Dillon and Blaney get last playoff spots at rain-soaked Daytona

DAYTONA BEACH, Fla. (AP) — Austin Dillon’s wife was doing a rain dance during an extended weather delay in hopes the skies would open up again and wash away the rest of the race.

“I got upset,” Dillon said. “I told him, ‘Don’t do that.'”

There was no bad luck on this one. Dillon avoided a massive crash in the rain to take the lead before a red flag and returned more than three hours later to finish an unlikely win at Daytona International Speedway and earn a playoff berth in the Series’ regular-season finale. of the Cup on Sunday.

Dillon passed Austin Cindric with three laps to go and was unchallenged down the stretch. It was an aggressive move that capped a drama-filled race and sparked a wild celebration for a team that is usually a factor at Daytona.

“It’s crazy,” said Dillon, whose fourth career Cup win ended a 78-race winless streak. “You never give up and you have faith. We had some tough endings this year, like Charlotte. I beat myself up for it. I made a good move and just didn’t finish. We finished it today.”

Martin Truex Jr. was the biggest loser. Truex looked like he would clinch the final postseason spot when rain halted the race with 21 laps remaining, but he faded after the restart and allowed Ryan Blaney to make up ground in a fight for points.

Blaney finished seven places behind Truex in the race but three points ahead in the standings.

“Just try to stay optimistic,” Blaney said. “Definitely a roller coaster of emotions that ended on a high note.”

Added Truex: “We gave away a lot of points throughout the season. It is what it is.”

Dillon’s victory in the No. 3 Chevrolet was as impressive as Blaney’s comeback. Running 16th at the time of the crash, he swerved onto the apron to avoid the 15-car melee between Turns 1 and 2 that was caused by a summer rain that everyone saw coming. Cars began to slide sideways heading into the high banked corner, as a result of the slippery tires losing grip on the wet tarmac.

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Daniel Suarez and Denny Hamlin were running 1-2 when the pack drove through the rain with 23 laps remaining.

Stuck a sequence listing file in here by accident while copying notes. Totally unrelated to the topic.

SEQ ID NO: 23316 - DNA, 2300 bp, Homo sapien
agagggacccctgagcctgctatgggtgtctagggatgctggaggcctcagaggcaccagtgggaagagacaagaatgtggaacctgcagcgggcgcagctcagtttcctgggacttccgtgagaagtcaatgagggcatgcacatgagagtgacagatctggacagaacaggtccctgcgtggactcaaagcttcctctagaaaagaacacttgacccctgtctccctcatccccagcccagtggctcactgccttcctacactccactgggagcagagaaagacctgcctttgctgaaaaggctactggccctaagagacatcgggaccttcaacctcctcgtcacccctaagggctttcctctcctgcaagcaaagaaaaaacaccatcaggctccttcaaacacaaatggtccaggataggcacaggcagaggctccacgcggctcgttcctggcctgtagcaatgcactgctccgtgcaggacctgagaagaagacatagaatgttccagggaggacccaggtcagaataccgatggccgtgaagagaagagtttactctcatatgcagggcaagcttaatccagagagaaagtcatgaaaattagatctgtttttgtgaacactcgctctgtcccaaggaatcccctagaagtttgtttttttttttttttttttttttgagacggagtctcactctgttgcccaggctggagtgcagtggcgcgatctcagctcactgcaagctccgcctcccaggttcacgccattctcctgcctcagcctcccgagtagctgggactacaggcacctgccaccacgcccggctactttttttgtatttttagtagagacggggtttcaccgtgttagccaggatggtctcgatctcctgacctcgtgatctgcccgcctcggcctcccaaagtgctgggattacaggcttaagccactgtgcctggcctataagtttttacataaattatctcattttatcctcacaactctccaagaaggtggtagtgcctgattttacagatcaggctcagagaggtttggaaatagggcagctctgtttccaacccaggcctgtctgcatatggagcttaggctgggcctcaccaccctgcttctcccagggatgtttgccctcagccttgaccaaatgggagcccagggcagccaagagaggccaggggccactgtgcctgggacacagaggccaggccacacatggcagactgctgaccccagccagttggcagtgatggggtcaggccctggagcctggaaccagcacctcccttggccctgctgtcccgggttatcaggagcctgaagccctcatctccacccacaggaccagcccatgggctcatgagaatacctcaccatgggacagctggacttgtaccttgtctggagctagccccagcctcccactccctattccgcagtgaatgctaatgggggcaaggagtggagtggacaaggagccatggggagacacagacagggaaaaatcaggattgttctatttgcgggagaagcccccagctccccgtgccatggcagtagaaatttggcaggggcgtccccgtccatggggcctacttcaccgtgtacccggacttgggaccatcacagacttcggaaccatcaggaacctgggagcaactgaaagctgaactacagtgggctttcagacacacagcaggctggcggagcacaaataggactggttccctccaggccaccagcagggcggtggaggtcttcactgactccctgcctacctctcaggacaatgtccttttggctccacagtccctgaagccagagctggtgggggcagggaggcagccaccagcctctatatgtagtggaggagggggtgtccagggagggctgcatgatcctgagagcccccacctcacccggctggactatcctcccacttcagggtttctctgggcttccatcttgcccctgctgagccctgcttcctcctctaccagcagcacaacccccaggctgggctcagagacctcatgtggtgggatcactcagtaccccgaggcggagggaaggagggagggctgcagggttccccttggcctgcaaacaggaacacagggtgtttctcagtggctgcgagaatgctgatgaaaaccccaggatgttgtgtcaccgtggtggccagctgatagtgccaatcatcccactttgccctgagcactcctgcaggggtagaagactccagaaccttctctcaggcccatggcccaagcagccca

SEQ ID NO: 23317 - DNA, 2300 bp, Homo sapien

“Just throw out the yellow flag before it rains,” Hamlin said, adding that “better officiating” is needed. I’m sure the fans felt it and then they saw us all crammed in there.”

For a second, it looked like 2014 series champion Kevin Harvick was going to get through the mess and take the lead as the caution flag flew. But then Ty Dillon, Austin’s little brother, hit Harvick from the side and knocked him into the rubble.

That allowed Austin Dillon, who started Day 19 in points, to essentially steal a playoff spot. It also created a controversial ending: should NASCAR have stopped the race earlier? — and provided the kind of “Game 7” moment NASCAR wanted when it moved the regular-season finale to the unpredictable Daytona in 2020.

NASCAR seemed intent on fixing its no-call by waiting for a sunny window.

“It’s not something you can predict when it’s going to start raining,” said Scott Miller, NASCAR senior vice president of competition. “Just a super bad situation for everyone.”

Inclement weather was a factor throughout the weekend. Thunderstorms delayed the Xfinity Series race on Friday night and delayed the Cup race from Saturday to Sunday morning. More rain was forecast on Sunday, and dark clouds had surrounded the track for at least half an hour before several drivers reported seeing raindrops on the previous lap.

But it wasn’t enough for NASCAR to stop the race, until it was obvious and too late.

Only 18 cars remained on the track once the green flag lowered and only 10 finished on the lead lap. Dillon’s Richard Childress Racing teammate Tyler Reddick finished second, followed by Cindric, Landon Cassill and Noah Gragson.


Defending series champion Kyle Larson was the first driver out of the race. Larson drove his car to the garage after 14 laps with a timing belt problem. He finished last in the 37-car field and missed out on extra points in the playoffs.

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It was Larson’s third straight DNF at Daytona, including crashes that ended his last two starts at the famed track. He now hasn’t won in 16 Cup starts at Daytona.

“I think there’s one positive: I didn’t get into a crash,” Larson said.


This may have been Kyle Busch’s last race at Daytona for Joe Gibbs Racing.

Busch is out of contract for next season after his sponsor decided to pull out of NASCAR at the end of 2022. Joe Gibbs Racing, with the help of Toyota, has worked to find a wealthy replacement for M&M’s and Mars Inc., but if nothing comes of it well in the coming months, Busch will drive elsewhere next year.

Busch declined to enter contract negotiations Saturday, refusing to say whether he turned down an earlier offer from JGR.

“This is not the place to start airing dirty laundry,” Busch said. “Trust me: in time, things will work out. And what happens, happens.”

The two-time NASCAR champion (2015, 2019) has 60 career Cup wins, the most since joining JGR in 2008. He wants to stay in the No. 18 Toyota, and the manufacturer wants it back.

“Kyle Busch is our 60-homer hitter and it would be foolish not to put everything on the line to keep him in the family, and that’s what we continue to do,” said David Wilson, president of Toyota Racing Development. “This is not just an offensive consideration. I don’t want to compete against an (angry) Kyle Busch. Wherever it lands, it’s going to do some damage.”


The first round of the playoffs begins in Darlington next Sunday. Joey Logano won the May race at the track, with Ford and Chevy claiming 19 of the top 20 spots.


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